Besides, it turned out that it was a conservative Republican IRS agent that started the whole thing. He must have realized the hypocrisy of the tax law that would give ANY political group tax exempt status.
Applications delayed, are applications denied.That does not mean they denied any of the groups exempt status.
Laughable! It's pretty clear that the IRS people behind this were Lerner, and Paz, and Ingram.Besides, it turned out that it was a conservative Republican IRS agent that started the whole thing.
The IRS, along with other Bureaucratic agencies are corrupt with life long, and entrenched activist, and union influences that transcend administrations....The IRS needs to be abolished, and the tax system as it exists today repealed, and replaced with a fair tax system with no carve outs for special interests.He must have realized the hypocrisy of the tax law that would give ANY political group tax exempt status.
Good try, but your spin is hereby un-spun, debunked, trashed, and kicked to the curb.
'Lookout List' Not Much Broader Than Originally Thought, Contrary to Reports | National Review OnlineNO, THE IRS WASN’T TREATING “PROGRESSIVE” GROUPS THE SAME WAY IT WAS TREATING THE TEA PARTY: ‘Lookout List’ Not Much Broader Than Originally Thought, Contrary to Reports. That’s just spin in an effort to make the probe go away.
“We do not believe any group of men adequate enough or wise enough to operate without scrutiny or without criticism. We know that the only way to avoid error is to detect it, that the only way to detect it is to be free to inquire. We know that in secrecy error undetected will flourish and subvert”. – J Robert Oppenheimer.
The fact is the IRS used it's power to unfairly target fund raising groups leading up to an election. The groups are very vocal and have strong support (Tea Party), as close as the election was it is entirely possible that without this manipulation the election may have gone the other way. The IRS is at fault to a level that people should be facing serious prison time, and the administration shares the blame for allowing it to happen and then helping to try to cover it up. Keep it up Obama Admin, this kind of thing has happened before and it did not end well for the arrogant assholes in power.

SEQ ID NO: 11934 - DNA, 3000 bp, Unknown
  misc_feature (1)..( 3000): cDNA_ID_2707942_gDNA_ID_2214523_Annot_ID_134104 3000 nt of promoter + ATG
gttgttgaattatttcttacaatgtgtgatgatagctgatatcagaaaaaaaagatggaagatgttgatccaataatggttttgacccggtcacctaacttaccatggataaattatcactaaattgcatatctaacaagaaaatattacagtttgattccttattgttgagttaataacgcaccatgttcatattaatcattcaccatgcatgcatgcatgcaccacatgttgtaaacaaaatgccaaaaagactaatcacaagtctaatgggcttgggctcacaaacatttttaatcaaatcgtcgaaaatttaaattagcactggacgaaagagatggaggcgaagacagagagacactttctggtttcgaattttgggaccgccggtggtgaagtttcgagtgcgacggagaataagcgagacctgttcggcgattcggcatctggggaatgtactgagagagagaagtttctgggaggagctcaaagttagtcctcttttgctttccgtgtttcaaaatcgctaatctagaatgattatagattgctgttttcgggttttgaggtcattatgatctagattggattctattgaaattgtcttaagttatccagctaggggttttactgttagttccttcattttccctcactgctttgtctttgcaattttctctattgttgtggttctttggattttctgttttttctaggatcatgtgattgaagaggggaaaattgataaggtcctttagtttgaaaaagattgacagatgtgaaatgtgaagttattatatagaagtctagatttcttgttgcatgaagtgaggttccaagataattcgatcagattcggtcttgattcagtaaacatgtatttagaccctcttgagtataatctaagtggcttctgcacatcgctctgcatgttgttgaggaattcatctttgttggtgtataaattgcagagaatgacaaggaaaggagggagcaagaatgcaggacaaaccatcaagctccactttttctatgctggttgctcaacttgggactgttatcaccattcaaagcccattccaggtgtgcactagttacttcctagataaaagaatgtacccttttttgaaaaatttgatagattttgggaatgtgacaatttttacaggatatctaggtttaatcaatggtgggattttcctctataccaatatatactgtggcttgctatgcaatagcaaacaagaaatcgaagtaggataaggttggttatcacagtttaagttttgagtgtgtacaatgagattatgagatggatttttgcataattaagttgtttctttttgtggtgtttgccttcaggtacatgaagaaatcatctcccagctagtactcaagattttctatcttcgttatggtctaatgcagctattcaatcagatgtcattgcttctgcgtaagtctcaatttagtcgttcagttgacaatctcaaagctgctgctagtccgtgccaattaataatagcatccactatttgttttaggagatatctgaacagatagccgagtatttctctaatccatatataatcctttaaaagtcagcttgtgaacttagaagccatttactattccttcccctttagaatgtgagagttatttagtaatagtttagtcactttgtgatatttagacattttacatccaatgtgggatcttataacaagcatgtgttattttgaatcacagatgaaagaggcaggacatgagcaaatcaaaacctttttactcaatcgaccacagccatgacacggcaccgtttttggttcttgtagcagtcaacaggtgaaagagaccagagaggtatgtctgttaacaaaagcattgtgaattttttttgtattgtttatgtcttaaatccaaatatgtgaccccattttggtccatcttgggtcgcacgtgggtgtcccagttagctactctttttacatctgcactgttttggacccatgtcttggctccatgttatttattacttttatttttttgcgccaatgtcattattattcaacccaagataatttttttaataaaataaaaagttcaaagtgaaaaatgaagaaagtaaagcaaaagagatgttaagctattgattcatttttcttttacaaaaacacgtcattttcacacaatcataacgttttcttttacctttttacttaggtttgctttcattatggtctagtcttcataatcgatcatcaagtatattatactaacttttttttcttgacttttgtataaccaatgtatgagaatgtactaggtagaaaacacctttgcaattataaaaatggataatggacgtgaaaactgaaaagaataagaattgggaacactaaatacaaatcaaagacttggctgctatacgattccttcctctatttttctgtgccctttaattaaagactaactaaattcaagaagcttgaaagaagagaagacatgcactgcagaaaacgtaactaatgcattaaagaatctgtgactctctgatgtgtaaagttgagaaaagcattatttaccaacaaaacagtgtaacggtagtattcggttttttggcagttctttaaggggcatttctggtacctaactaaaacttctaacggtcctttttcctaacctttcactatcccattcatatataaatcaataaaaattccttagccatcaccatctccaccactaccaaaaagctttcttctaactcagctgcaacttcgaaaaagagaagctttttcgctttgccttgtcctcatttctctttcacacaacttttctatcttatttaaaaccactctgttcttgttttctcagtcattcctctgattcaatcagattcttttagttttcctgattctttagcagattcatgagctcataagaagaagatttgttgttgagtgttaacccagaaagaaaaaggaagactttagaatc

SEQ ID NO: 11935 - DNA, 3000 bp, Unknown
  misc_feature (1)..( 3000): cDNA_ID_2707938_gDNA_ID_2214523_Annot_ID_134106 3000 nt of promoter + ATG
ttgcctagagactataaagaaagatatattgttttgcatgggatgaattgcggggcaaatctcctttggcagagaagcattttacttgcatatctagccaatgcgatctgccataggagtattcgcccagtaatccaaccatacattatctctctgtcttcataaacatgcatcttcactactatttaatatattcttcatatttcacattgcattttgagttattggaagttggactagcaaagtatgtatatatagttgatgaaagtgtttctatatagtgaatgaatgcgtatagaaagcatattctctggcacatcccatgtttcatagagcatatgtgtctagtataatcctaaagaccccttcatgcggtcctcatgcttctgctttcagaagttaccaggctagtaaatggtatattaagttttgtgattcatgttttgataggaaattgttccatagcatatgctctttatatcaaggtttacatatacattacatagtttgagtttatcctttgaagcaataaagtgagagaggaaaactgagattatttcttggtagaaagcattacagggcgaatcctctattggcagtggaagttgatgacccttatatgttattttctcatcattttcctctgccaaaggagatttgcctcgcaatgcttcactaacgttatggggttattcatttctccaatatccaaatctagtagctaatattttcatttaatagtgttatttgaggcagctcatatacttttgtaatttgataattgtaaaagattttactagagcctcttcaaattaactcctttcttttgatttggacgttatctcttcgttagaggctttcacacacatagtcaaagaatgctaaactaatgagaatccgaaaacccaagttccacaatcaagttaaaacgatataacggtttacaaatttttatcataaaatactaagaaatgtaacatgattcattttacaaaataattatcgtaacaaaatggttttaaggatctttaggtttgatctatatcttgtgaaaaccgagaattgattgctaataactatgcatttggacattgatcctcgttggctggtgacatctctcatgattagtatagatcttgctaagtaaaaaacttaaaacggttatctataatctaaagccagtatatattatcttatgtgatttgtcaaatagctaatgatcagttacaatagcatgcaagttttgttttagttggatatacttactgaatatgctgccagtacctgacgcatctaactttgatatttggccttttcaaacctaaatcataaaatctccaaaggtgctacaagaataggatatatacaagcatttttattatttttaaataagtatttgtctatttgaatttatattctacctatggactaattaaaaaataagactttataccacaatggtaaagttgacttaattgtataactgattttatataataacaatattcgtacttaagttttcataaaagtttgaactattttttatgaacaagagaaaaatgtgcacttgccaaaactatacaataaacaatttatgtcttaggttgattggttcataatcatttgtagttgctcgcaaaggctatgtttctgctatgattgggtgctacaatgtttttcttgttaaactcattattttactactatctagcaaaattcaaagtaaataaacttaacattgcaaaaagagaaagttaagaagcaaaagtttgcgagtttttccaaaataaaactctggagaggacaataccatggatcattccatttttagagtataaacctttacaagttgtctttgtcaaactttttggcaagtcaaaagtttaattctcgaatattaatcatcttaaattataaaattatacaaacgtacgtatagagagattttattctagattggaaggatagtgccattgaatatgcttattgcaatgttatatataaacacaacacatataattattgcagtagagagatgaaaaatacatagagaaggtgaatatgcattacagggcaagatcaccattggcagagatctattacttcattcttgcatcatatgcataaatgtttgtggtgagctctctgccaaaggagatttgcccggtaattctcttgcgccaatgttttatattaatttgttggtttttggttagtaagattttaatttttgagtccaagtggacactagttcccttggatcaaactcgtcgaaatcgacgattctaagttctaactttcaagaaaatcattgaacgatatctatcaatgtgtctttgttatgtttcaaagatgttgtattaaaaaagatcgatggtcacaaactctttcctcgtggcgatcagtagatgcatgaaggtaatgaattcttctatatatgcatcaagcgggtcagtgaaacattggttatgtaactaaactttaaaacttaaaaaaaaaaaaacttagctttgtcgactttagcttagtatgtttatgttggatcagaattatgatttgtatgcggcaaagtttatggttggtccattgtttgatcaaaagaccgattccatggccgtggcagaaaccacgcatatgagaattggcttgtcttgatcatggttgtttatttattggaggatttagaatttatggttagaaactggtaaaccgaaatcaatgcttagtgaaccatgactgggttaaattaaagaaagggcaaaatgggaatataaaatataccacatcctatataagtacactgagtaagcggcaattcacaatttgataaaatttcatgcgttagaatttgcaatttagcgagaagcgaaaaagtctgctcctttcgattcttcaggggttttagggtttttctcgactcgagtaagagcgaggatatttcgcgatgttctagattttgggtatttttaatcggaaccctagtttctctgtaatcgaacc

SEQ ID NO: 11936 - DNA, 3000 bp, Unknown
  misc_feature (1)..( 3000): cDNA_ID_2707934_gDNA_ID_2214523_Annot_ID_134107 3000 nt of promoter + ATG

fivethirtyeight tea party approvals.pngBut an inspector general’s report indicated that I.R.S. officials began targeting conservative groups in March 2010 by searching for groups with names containing “Tea Party,” “patriot” or “9/12.” The report says officials then switched to more expansive, less partisan search criteria in July 2011 and in January 2012, before broadening the criteria a third time on May 17, two weeks after Mr. Camp’s letter.
But the first two revisions to the search criteria do not appear to have resulted in more Tea Party groups gaining approval. During the entire two-year span — from March 2010, when the agency began singling out conservative groups, to April 2012, just before it received Mr. Camp’s letter and changed its search criteria for the last time — the I.R.S. approved the applications of just four groups with those conservative keywords in their names. After the I.R.S. altered its search criteria the final time, the agency approved more than 40 Tea Party applications.
Some further thoughts on the subject from Silver:
Iguana, your post factually incorrect. They did not all recieve their exemption, they especially did not recieve it in a timely manner.In a basic sense, scandals that reduce trust in government have the potential to harm those who argue for more government. Mr. Obama has predicated much of his agenda on the idea that Americans can and should trust the government to take action on health care, gun legislation and other issues. An issue like the I.R.S. scandal could be seized upon by those who argue that background checks for gun purchases will lead to a national registry, or that information the government collects in implementing the health care law will be abused, even if the government promises it will not.
That means the applications of progressive groups could be approved on the spot by line agents, while those of tea-party groups could not. Furthermore, the November 2010 list noted that tea-party cases were “currently being coordinated with EOT,” which stands for Exempt Organizations Technical, a group of tax lawyers in Washington, D.C. Those of progressive groups were not.
The AP reported earlier on Monday that “Terms including ‘Israel,’ ’Progressive’ and ‘Occupy’ were used by agency workers to help pick groups for closer examination.” That appears to be misleading, as there is no indication from the list examined by NRO that progressive groups were singled out for heightened scrutiny in a manner similar to tea-party groups. Cases involving healthcare legislation, however, were. “New applications are subject to secondary screening in Group 7821,” the list notes.